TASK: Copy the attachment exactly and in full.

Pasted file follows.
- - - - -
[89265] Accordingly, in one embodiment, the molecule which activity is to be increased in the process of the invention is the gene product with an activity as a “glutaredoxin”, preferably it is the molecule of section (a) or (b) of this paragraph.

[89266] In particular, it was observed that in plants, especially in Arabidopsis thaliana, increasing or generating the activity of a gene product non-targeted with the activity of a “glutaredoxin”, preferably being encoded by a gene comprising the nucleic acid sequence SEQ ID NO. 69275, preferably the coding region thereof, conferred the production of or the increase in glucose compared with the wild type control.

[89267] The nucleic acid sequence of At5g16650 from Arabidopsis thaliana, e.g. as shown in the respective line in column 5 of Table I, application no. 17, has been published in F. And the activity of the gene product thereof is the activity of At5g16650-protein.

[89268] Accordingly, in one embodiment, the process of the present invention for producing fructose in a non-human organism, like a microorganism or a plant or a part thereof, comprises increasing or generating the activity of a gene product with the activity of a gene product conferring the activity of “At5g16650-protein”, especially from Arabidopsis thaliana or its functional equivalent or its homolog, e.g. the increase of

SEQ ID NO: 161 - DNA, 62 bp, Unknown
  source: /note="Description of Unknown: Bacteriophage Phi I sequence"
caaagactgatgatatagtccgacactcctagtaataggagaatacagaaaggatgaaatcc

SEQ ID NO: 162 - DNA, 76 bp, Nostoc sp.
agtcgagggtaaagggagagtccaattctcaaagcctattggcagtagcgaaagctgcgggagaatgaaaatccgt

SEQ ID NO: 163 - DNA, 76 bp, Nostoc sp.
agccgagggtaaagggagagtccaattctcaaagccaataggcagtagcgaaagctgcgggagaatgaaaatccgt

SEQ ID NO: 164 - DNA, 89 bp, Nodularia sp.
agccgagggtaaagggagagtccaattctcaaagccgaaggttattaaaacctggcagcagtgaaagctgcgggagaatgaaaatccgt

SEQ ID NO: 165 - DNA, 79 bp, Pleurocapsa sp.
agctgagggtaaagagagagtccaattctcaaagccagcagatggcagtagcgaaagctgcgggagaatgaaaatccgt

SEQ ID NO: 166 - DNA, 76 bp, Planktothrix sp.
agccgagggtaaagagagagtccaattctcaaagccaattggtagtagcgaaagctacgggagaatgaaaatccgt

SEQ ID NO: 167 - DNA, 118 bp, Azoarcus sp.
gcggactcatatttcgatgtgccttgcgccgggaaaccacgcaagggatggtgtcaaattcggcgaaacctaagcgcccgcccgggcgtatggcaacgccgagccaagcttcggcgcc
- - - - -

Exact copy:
[89265] Accordingly, in one embodiment, the molecule which activity is to be increased in the process of the invention is the gene product with an activity as a “glutaredoxin”, preferably it is the molecule of section (a) or (b) of this paragraph.

[89266] In particular, it was observed that in plants, especially in Arabidopsis thaliana, increasing or generating the activity of a gene product non-targeted with the activity of a “glutaredoxin”, preferably being encoded by a gene comprising the nucleic acid sequence SEQ ID NO. 69275, preferably the coding region thereof, conferred the production of or the increase in glucose compared with the wild type control.

[89267] The nucleic acid sequence of At5g16650 from Arabidopsis thaliana, e.g. as shown in the respective line in column 5 of Table I, application no. 17, has been published in F. And the activity of the gene product thereof is the activity of At5g16650-protein.

[89268] Accordingly, in one embodiment, the process of the present invention for producing fructose in a non-human organism, like a microorganism or a plant or a part thereof, comprises increasing or generating the activity of a gene product with the activity of a gene product conferring the activity of “At5g16650-protein”, especially from Arabidopsis thaliana or its functional equivalent or its homolog, e.g. the increase of

SEQ ID NO: 161 - DNA, 62 bp, Unknown
  source: /note="Description of Unknown: Bacteriophage Phi I sequence"
caaagactgatgatatagtccgacactcctagtaataggagaatacagaaaggatgaaatcc

SEQ ID NO: 162 - DNA, 76 bp, Nostoc sp.
agtcgagggtaaagggagagtccaattctcaaagcctattggcagtagcgaaagctgcgggagaatgaaaatccgt

SEQ ID NO: 163 - DNA, 76 bp, Nostoc sp.
agccgagggtaaagggagagtccaattctcaaagccaataggcagtagcgaaagctgcgggagaatgaaaatccgt

SEQ ID NO: 164 - DNA, 89 bp, Nodularia sp.
agccgagggtaaagggagagtccaattctcaaagccgaaggttattaaaacctggcagcagtgaaagctgcgggagaatgaaaatccgt

SEQ ID NO: 165 - DNA, 79 bp, Pleurocapsa sp.
agctgagggtaaagagagagtccaattctcaaagccagcagatggcagtagcgaaagctgcgggagaatgaaaatccgt

SEQ ID NO: 166 - DNA, 76 bp, Planktothrix sp.
agccgagggtaaagagagagtccaattctcaaagccaattggtagtagcgaaagctacgggagaatgaaaatccgt

SEQ ID NO: 167 - DNA, 118 bp, Azoarcus sp.
gcggactcatatttcgatgtgccttgcgccgggaaaccacgcaagggatggtgtcaaattcggcgaaacctaagcgcccgcccgggcgtatggcaacgccgagccaagcttcggcgcc